Brazilian President Michel Temer has described accusations that he received millions of dollars in bribes as "fiction." He could now face trial over the charges and become the second leader removed from office in a year.
Temer made a nationally-televised speech hours after being formally charged with corruption, calling the allegations "a soap opera plot," adding that he had "never received a cent."
The conservative leader said executives of the world's biggest meatpacker, JBS, who accused him in
plea-bargain testimony of arranging to take 38 million reais ($11.47 million, 101 million euros) in bribes, did so only to escape jail for their own crimes.
First of many charges?
Temer was formally accused of corruption on Monday in what is expected to be the first in a series of criminal charges against the unpopular leader.
The bribery charge is linked a wider corruption scandal surrounding JBS and the arrest of a close former presidential aide caught carrying a suitcase stuffed with 500,000 reais in cash that prosecutors say was part of payments from the meatpacker's executives to Temer.
Janot accused Temer not only of corruption but also of obstruction of justice and being involved in organized crime
Under Brazilian law, the country's lower house of congress must now vote on whether to try a sitting president.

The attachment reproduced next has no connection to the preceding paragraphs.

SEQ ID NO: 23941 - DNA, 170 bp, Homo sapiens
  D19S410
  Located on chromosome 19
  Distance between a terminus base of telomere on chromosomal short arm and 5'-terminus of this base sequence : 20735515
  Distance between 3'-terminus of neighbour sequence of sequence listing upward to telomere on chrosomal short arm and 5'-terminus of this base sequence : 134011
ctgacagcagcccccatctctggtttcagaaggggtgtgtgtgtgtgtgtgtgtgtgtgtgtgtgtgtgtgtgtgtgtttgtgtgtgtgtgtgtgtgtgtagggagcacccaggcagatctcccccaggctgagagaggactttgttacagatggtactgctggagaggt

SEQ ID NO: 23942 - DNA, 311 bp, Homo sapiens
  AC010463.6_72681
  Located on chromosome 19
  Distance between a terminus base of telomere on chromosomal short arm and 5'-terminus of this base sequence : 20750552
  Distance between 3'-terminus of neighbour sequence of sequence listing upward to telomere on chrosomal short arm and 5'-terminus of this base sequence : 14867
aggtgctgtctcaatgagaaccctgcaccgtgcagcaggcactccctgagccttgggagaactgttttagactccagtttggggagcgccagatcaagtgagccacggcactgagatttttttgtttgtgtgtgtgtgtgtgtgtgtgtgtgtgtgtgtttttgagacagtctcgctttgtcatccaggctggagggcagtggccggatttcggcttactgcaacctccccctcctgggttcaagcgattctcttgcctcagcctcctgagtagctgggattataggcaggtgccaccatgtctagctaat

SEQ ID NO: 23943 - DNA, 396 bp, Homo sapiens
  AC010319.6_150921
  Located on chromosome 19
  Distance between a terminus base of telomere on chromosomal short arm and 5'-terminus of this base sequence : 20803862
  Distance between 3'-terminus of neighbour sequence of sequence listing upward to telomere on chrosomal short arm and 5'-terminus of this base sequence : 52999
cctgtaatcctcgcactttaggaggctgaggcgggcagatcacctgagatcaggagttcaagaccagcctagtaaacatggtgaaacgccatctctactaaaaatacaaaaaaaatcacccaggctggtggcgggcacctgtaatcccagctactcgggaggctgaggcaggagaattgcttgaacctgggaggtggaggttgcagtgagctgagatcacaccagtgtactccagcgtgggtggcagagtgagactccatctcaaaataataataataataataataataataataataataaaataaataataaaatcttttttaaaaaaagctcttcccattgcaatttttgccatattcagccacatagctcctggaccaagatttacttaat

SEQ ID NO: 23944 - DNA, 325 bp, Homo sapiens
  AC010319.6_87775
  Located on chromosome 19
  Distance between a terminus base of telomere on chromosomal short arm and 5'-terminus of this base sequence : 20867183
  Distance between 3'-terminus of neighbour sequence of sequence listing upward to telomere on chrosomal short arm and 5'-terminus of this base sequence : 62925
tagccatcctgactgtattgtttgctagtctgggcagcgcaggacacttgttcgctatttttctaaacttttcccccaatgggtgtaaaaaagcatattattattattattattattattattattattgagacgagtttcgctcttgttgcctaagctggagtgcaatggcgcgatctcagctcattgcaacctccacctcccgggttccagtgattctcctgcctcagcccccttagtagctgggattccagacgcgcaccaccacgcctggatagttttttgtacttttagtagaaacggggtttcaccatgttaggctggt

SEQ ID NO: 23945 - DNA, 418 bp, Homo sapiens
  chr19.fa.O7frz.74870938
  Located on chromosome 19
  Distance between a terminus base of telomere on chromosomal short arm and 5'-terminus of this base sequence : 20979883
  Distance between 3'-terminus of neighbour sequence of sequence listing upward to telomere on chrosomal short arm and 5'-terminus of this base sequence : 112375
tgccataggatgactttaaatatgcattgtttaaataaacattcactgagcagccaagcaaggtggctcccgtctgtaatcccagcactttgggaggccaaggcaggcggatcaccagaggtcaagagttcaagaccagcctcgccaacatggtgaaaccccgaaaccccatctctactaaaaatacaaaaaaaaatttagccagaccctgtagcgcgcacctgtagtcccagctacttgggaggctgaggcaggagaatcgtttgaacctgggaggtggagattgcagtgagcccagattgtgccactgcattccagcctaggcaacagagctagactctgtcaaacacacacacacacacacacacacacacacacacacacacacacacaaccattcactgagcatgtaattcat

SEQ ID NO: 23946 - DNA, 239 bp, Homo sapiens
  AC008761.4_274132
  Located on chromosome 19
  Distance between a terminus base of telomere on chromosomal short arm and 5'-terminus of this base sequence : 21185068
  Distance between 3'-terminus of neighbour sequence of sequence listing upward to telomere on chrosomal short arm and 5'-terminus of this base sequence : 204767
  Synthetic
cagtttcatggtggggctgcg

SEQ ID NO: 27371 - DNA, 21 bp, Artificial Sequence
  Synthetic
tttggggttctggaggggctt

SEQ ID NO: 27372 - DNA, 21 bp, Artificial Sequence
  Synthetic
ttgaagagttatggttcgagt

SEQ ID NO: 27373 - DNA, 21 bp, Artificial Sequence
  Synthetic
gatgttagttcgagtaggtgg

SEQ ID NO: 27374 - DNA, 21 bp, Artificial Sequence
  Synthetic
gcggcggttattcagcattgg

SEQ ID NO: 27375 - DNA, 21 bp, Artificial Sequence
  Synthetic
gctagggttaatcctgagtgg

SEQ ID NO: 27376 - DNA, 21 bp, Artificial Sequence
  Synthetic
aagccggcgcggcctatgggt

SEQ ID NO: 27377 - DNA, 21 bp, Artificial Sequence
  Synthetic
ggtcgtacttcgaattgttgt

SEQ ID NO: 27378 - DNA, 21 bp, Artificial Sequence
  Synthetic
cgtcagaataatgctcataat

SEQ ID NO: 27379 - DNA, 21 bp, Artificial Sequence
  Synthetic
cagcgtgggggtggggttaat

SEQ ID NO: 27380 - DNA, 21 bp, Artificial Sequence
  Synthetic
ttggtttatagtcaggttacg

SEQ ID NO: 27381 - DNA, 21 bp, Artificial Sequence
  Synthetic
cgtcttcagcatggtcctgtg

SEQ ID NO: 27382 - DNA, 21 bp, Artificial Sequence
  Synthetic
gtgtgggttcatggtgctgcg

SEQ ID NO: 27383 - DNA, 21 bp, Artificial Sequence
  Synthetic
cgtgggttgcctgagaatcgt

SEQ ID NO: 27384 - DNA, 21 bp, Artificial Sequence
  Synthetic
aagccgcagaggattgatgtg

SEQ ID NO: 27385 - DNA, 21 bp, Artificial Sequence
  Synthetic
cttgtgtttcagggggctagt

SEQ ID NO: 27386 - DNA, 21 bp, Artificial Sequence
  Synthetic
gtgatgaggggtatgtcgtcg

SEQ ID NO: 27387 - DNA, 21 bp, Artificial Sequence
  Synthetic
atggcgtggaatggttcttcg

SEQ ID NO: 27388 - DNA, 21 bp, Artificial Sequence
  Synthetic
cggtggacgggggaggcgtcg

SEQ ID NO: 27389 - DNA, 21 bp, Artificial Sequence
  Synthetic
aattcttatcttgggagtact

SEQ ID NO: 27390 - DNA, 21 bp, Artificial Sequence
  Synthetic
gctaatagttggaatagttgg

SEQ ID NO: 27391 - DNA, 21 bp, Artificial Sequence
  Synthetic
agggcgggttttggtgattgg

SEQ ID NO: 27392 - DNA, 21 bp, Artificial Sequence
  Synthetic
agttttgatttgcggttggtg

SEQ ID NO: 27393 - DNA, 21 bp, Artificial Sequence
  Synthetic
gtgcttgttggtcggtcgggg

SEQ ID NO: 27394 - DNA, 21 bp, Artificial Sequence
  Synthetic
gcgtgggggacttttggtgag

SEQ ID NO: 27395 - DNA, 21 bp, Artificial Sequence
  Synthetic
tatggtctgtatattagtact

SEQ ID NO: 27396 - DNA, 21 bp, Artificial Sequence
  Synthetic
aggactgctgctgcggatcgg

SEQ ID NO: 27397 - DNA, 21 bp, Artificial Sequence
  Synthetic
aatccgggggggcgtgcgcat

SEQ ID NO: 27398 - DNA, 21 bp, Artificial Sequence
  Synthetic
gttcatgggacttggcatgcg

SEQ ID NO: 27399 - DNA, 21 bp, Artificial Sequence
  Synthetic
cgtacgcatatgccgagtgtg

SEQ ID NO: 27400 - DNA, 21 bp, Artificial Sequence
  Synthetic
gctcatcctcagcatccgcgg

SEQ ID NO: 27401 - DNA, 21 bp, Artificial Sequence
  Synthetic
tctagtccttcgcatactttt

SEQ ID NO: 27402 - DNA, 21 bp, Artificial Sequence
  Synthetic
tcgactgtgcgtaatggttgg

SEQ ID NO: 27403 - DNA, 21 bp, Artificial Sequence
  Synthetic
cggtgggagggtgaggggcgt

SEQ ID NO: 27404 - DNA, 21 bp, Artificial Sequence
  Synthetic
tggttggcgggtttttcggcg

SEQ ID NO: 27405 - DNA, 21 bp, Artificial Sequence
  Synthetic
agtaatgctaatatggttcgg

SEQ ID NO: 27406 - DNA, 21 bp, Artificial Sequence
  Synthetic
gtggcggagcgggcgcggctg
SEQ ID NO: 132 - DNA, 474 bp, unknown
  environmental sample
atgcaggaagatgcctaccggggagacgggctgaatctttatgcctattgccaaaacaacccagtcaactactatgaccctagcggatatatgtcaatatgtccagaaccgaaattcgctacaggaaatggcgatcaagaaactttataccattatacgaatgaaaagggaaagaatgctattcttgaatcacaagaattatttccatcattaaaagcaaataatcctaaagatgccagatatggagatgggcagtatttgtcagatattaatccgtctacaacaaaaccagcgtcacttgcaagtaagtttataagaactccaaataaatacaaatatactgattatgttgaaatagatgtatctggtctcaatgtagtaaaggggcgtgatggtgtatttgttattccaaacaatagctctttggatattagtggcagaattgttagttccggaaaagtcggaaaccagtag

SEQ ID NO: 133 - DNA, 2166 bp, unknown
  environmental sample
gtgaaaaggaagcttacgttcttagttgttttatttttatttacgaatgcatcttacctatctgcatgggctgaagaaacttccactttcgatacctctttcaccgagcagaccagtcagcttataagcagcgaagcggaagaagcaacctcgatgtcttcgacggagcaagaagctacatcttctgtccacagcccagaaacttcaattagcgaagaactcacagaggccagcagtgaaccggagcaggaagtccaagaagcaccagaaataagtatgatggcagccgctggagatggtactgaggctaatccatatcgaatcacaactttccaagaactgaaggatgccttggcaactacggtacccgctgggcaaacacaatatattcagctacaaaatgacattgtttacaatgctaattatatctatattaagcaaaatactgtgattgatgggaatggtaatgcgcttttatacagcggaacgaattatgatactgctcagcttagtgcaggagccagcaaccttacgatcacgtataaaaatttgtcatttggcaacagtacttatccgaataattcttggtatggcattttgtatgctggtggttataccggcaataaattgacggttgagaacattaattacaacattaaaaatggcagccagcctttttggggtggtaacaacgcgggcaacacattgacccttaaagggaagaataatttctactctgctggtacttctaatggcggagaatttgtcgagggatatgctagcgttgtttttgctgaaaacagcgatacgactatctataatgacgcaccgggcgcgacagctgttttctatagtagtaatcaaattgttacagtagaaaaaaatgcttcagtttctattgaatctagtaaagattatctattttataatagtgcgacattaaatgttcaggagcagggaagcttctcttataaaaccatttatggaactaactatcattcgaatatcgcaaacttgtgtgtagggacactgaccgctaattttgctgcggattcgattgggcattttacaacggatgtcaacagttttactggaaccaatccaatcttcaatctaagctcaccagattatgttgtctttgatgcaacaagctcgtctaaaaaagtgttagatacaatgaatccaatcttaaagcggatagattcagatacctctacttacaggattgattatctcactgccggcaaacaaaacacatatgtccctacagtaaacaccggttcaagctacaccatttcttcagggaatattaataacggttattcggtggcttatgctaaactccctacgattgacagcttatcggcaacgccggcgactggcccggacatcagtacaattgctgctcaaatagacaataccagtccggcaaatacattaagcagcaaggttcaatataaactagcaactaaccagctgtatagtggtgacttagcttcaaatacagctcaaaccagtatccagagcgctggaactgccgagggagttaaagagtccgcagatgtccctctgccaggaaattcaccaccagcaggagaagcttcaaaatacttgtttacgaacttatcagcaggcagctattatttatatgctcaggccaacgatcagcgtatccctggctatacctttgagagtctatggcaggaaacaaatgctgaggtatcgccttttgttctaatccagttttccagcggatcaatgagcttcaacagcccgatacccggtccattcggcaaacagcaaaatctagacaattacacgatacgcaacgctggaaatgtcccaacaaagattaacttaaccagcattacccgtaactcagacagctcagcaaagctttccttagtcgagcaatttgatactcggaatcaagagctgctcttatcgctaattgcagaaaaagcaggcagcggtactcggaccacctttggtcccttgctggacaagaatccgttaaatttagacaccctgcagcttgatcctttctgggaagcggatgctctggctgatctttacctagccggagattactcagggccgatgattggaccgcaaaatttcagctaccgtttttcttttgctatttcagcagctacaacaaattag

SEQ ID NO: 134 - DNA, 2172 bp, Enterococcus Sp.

Lawmakers within Temer's coalition are confident they have enough votes to block the two-third majority required to proceed with a trial.
If two-thirds of the lower house decides to try Temer, he will be suspended for up to 180 days while his trial is conducted. House Speaker Rodrigo Maia, an ally of Temer, would then be interim president.
Brazil's top prosecutor Rodrigo Janot had opened an investigation against Temer last month for corruption, obstruction of justice and being part of a criminal organization.
Temer has also been recorded in conversation with Joesly Batista, former chairman of JBS, endorsing hush money for former House Speaker Eduardo Cunha, a former Temer ally who is serving a 15-year sentence for corruption. Batista gave the secretly recorded tape to prosecutors as part of a plea deal.
"The circumstances of this meeting (with Batista) - at night and without any register in the official schedule of the president of the Republic - reveal the intent of not leaving traces of the criminal actions already taken," Janot wrote in a 64-page document accusing the president.
Janot said Temer may have received as much as $12 million in bribes over the past nine months.
Temer has denied wrongdoing and said the tapes were tampered with.
The accusation marks the first time that a sitting president in Latin America's largest nation has faced criminal charges.
Earlier this month, Temer batted away illegal campaign financing allegations after the electoral court dismissed a case that could have removed him from office.
He came to power last year after former President Dilma Rousseff was impeached by her center-right rivals for violating budget laws, in what her leftist allies dubbed a coup.
A third of Temer's cabinet and dozens of members of congress are being investigated for corruption. Brazil has been rocked by more than three-years of sprawling corruption investigations in politics and business that have fueled public anger and protests.
Most of the investigations are tied to politicians and executives at state-run companies receiving bribes in exchange for contracts. More than 90 people have been convicted.
cw,mm/csw (AP, AFP Reuters, dpa)